• I started recycling more.  My office didn’t have a recycling program, so I brought items home to recycle.  Brandeis recycles pretty much everything (up to number 7, which is really high) so this one is very easy to do on campus.
  • I changed my driving habits.  Thankfully my car has two great tools for measuring fuel economy.  I have a MPG display I reset every time I fill up and glance at it while I’m driving to monitor my consumption.  I also have a turbo gauge in my Saab that goes from white to yellow to red.  I used the accelerator so that I rarely went into the yellow part.  I went from getting 23 to 28 mpg on each tank, a 20% improvement.
  • I started walking and bicycling more.  The pharmacy and bank are within a half mile of my house and the library is around 2 miles away, so I walked or rode my bike.  It’s so much more rewarding to get out into the community, socially and aesthetically.  Cars are much like mobile caves.  It’s also great for your health to walk and bicycle!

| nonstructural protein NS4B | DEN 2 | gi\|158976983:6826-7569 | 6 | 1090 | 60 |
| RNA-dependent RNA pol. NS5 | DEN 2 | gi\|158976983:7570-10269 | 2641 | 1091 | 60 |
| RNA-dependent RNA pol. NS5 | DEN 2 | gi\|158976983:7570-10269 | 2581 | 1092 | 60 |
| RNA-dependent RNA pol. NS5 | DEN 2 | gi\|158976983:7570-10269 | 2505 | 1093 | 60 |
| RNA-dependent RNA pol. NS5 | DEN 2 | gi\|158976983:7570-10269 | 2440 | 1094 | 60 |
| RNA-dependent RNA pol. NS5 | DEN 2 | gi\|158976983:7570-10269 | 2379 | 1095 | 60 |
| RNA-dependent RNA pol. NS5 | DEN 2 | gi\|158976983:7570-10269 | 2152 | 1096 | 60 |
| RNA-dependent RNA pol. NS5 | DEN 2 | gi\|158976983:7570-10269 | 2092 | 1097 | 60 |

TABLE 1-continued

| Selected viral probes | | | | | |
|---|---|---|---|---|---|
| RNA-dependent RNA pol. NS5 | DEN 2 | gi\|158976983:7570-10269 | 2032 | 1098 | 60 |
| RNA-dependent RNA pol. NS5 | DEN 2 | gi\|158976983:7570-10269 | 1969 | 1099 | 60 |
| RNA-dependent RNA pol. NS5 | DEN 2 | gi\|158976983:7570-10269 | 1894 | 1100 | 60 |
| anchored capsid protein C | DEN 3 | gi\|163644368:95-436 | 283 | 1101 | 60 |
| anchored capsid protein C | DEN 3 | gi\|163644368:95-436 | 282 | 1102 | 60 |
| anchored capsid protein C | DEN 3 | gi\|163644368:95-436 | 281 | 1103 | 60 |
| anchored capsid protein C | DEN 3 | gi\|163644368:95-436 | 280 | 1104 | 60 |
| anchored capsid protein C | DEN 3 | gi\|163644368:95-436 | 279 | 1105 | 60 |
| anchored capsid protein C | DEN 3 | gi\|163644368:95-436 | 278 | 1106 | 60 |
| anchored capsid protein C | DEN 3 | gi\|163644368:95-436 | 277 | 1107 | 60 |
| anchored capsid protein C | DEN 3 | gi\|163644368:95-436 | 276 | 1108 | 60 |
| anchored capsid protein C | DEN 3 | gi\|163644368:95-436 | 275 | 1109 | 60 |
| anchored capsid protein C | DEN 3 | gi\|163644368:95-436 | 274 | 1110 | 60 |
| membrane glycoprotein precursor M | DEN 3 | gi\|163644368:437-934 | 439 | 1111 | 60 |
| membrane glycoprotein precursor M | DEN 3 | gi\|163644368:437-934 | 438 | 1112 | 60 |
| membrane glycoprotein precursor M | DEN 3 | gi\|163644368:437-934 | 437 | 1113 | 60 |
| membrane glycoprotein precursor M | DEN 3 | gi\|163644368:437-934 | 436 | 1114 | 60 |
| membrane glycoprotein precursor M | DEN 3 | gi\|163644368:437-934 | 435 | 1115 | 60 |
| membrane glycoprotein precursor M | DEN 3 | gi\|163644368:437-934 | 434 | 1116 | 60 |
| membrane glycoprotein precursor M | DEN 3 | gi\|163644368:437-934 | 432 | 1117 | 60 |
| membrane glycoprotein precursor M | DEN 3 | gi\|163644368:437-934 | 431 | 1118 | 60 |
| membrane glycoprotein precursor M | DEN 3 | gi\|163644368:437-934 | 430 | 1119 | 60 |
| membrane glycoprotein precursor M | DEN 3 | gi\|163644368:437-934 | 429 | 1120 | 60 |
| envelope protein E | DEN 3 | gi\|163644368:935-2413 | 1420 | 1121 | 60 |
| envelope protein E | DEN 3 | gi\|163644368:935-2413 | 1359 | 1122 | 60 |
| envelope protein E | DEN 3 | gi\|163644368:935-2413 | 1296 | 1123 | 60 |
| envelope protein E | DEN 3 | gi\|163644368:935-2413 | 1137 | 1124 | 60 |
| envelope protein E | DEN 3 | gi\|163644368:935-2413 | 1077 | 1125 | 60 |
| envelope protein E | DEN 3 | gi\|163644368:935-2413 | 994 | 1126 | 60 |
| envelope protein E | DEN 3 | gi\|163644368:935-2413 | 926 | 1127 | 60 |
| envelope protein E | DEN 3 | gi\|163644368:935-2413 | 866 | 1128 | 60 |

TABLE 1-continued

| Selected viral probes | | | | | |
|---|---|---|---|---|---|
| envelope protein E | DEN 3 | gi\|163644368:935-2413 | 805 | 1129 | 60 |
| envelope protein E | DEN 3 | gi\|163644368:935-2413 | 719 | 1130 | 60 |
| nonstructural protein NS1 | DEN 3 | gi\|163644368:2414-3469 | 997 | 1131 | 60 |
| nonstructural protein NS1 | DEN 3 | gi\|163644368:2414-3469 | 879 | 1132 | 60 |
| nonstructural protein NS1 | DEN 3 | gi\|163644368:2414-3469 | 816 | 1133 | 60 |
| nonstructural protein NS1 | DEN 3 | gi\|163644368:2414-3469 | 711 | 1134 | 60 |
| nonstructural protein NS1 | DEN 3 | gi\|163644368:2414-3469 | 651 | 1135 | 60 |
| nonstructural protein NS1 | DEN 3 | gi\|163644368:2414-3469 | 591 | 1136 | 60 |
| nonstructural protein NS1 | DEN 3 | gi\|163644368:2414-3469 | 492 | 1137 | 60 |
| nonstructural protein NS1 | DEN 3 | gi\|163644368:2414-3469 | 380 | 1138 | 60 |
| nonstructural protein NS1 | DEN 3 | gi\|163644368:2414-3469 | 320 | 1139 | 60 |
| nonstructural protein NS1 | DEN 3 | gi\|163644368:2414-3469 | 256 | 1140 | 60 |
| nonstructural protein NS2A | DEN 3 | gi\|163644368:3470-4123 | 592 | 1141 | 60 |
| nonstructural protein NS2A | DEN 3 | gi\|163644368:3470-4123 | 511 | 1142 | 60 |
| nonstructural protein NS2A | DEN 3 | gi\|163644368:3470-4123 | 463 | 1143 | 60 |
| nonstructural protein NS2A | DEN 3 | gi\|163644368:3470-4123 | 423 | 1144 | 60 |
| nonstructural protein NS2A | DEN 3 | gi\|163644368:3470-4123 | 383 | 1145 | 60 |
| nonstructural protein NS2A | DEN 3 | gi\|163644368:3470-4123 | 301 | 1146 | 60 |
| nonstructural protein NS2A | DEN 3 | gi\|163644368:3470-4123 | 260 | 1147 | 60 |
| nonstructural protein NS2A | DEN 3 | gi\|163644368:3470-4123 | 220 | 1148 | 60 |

• I bought biodegradable, non-toxic cleaners for the apartment I now live in at Charles River.  I found some Seventh Generation brand laundry detergent at Target one day, looked the company up, and found that they sold all kinds of cleaning products and even 100% recycled toiled paper.
  • I invested in an environmentally-sustainable, socially responsible mutual fund.  Instead of putting my summer earnings directly towards my tuition bill, I invested in the New Alternatives Fund in a Roth IRA and will use the money (with interest, hopefully!) to pay off some of the loans later.  It’s a myth that socially responsible investments don’t produce good returns.  Over the past 3 years, New Alternatives averaged a 13% annual gain.
  • I stopped my junk mail.  Sign up with GreenDimes, a website that gives you the information and tools needed to unsubscribe from a bunch of promotional service companies’ lists.
  • I’m printing less.  I use this free program called PrimoPDF that lets me save web pages and documents to PDF format rather than printing them out.  It’s also easier to find documents on your computer than in some random folder somewhere.